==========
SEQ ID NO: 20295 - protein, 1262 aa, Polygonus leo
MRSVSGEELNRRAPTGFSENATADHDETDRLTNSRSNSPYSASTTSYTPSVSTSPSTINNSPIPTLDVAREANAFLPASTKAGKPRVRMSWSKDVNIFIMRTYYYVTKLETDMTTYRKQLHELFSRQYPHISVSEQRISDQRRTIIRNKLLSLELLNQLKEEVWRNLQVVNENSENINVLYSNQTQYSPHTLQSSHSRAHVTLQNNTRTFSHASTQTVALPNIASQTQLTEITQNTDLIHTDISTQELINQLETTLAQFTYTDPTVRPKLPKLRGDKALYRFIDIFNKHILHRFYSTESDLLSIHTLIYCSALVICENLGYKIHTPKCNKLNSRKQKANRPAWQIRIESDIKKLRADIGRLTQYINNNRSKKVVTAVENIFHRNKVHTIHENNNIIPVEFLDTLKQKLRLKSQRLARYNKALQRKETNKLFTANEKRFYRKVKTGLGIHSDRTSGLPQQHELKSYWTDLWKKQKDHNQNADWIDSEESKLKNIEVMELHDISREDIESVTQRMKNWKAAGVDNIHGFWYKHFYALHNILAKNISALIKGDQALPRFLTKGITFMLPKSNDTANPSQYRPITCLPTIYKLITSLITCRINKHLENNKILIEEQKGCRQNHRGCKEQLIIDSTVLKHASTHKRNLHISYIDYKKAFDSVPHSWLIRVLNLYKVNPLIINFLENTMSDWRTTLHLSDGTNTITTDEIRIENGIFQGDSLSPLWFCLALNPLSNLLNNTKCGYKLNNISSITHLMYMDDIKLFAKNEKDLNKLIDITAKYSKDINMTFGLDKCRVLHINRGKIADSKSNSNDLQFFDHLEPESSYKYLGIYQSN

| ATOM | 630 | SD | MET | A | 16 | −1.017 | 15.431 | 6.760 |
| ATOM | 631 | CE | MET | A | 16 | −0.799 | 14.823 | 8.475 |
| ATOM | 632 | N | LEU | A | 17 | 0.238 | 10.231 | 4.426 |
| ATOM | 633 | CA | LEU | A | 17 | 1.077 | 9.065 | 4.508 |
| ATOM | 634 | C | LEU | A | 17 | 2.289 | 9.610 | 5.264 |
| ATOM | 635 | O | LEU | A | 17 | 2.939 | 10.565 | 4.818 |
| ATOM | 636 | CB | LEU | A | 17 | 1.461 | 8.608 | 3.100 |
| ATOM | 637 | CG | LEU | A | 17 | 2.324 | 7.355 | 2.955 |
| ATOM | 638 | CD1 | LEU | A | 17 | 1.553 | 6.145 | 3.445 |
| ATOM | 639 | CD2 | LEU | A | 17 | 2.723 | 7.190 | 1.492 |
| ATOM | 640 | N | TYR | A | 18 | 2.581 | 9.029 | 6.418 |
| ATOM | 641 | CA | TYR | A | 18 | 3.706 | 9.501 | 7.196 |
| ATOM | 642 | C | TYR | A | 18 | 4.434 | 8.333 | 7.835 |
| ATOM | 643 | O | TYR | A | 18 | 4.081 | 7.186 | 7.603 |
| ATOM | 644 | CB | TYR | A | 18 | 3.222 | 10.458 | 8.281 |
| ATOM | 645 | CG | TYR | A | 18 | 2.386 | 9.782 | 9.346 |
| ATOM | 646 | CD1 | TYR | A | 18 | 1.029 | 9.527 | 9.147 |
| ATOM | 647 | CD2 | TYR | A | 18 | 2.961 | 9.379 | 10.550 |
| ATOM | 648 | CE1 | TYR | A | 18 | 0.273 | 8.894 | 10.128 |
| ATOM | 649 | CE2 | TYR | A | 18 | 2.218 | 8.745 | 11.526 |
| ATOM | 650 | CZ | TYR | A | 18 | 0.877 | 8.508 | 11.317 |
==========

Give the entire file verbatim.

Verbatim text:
SEQ ID NO: 20295 - protein, 1262 aa, Polygonus leo
MRSVSGEELNRRAPTGFSENATADHDETDRLTNSRSNSPYSASTTSYTPSVSTSPSTINNSPIPTLDVAREANAFLPASTKAGKPRVRMSWSKDVNIFIMRTYYYVTKLETDMTTYRKQLHELFSRQYPHISVSEQRISDQRRTIIRNKLLSLELLNQLKEEVWRNLQVVNENSENINVLYSNQTQYSPHTLQSSHSRAHVTLQNNTRTFSHASTQTVALPNIASQTQLTEITQNTDLIHTDISTQELINQLETTLAQFTYTDPTVRPKLPKLRGDKALYRFIDIFNKHILHRFYSTESDLLSIHTLIYCSALVICENLGYKIHTPKCNKLNSRKQKANRPAWQIRIESDIKKLRADIGRLTQYINNNRSKKVVTAVENIFHRNKVHTIHENNNIIPVEFLDTLKQKLRLKSQRLARYNKALQRKETNKLFTANEKRFYRKVKTGLGIHSDRTSGLPQQHELKSYWTDLWKKQKDHNQNADWIDSEESKLKNIEVMELHDISREDIESVTQRMKNWKAAGVDNIHGFWYKHFYALHNILAKNISALIKGDQALPRFLTKGITFMLPKSNDTANPSQYRPITCLPTIYKLITSLITCRINKHLENNKILIEEQKGCRQNHRGCKEQLIIDSTVLKHASTHKRNLHISYIDYKKAFDSVPHSWLIRVLNLYKVNPLIINFLENTMSDWRTTLHLSDGTNTITTDEIRIENGIFQGDSLSPLWFCLALNPLSNLLNNTKCGYKLNNISSITHLMYMDDIKLFAKNEKDLNKLIDITAKYSKDINMTFGLDKCRVLHINRGKIADSKSNSNDLQFFDHLEPESSYKYLGIYQSN

| ATOM | 630 | SD | MET | A | 16 | −1.017 | 15.431 | 6.760 |
| ATOM | 631 | CE | MET | A | 16 | −0.799 | 14.823 | 8.475 |
| ATOM | 632 | N | LEU | A | 17 | 0.238 | 10.231 | 4.426 |
| ATOM | 633 | CA | LEU | A | 17 | 1.077 | 9.065 | 4.508 |
| ATOM | 634 | C | LEU | A | 17 | 2.289 | 9.610 | 5.264 |
| ATOM | 635 | O | LEU | A | 17 | 2.939 | 10.565 | 4.818 |
| ATOM | 636 | CB | LEU | A | 17 | 1.461 | 8.608 | 3.100 |
| ATOM | 637 | CG | LEU | A | 17 | 2.324 | 7.355 | 2.955 |
| ATOM | 638 | CD1 | LEU | A | 17 | 1.553 | 6.145 | 3.445 |
| ATOM | 639 | CD2 | LEU | A | 17 | 2.723 | 7.190 | 1.492 |
| ATOM | 640 | N | TYR | A | 18 | 2.581 | 9.029 | 6.418 |
| ATOM | 641 | CA | TYR | A | 18 | 3.706 | 9.501 | 7.196 |
| ATOM | 642 | C | TYR | A | 18 | 4.434 | 8.333 | 7.835 |
| ATOM | 643 | O | TYR | A | 18 | 4.081 | 7.186 | 7.603 |
| ATOM | 644 | CB | TYR | A | 18 | 3.222 | 10.458 | 8.281 |
| ATOM | 645 | CG | TYR | A | 18 | 2.386 | 9.782 | 9.346 |
| ATOM | 646 | CD1 | TYR | A | 18 | 1.029 | 9.527 | 9.147 |
| ATOM | 647 | CD2 | TYR | A | 18 | 2.961 | 9.379 | 10.550 |
| ATOM | 648 | CE1 | TYR | A | 18 | 0.273 | 8.894 | 10.128 |
| ATOM | 649 | CE2 | TYR | A | 18 | 2.218 | 8.745 | 11.526 |
| ATOM | 650 | CZ | TYR | A | 18 | 0.877 | 8.508 | 11.317 |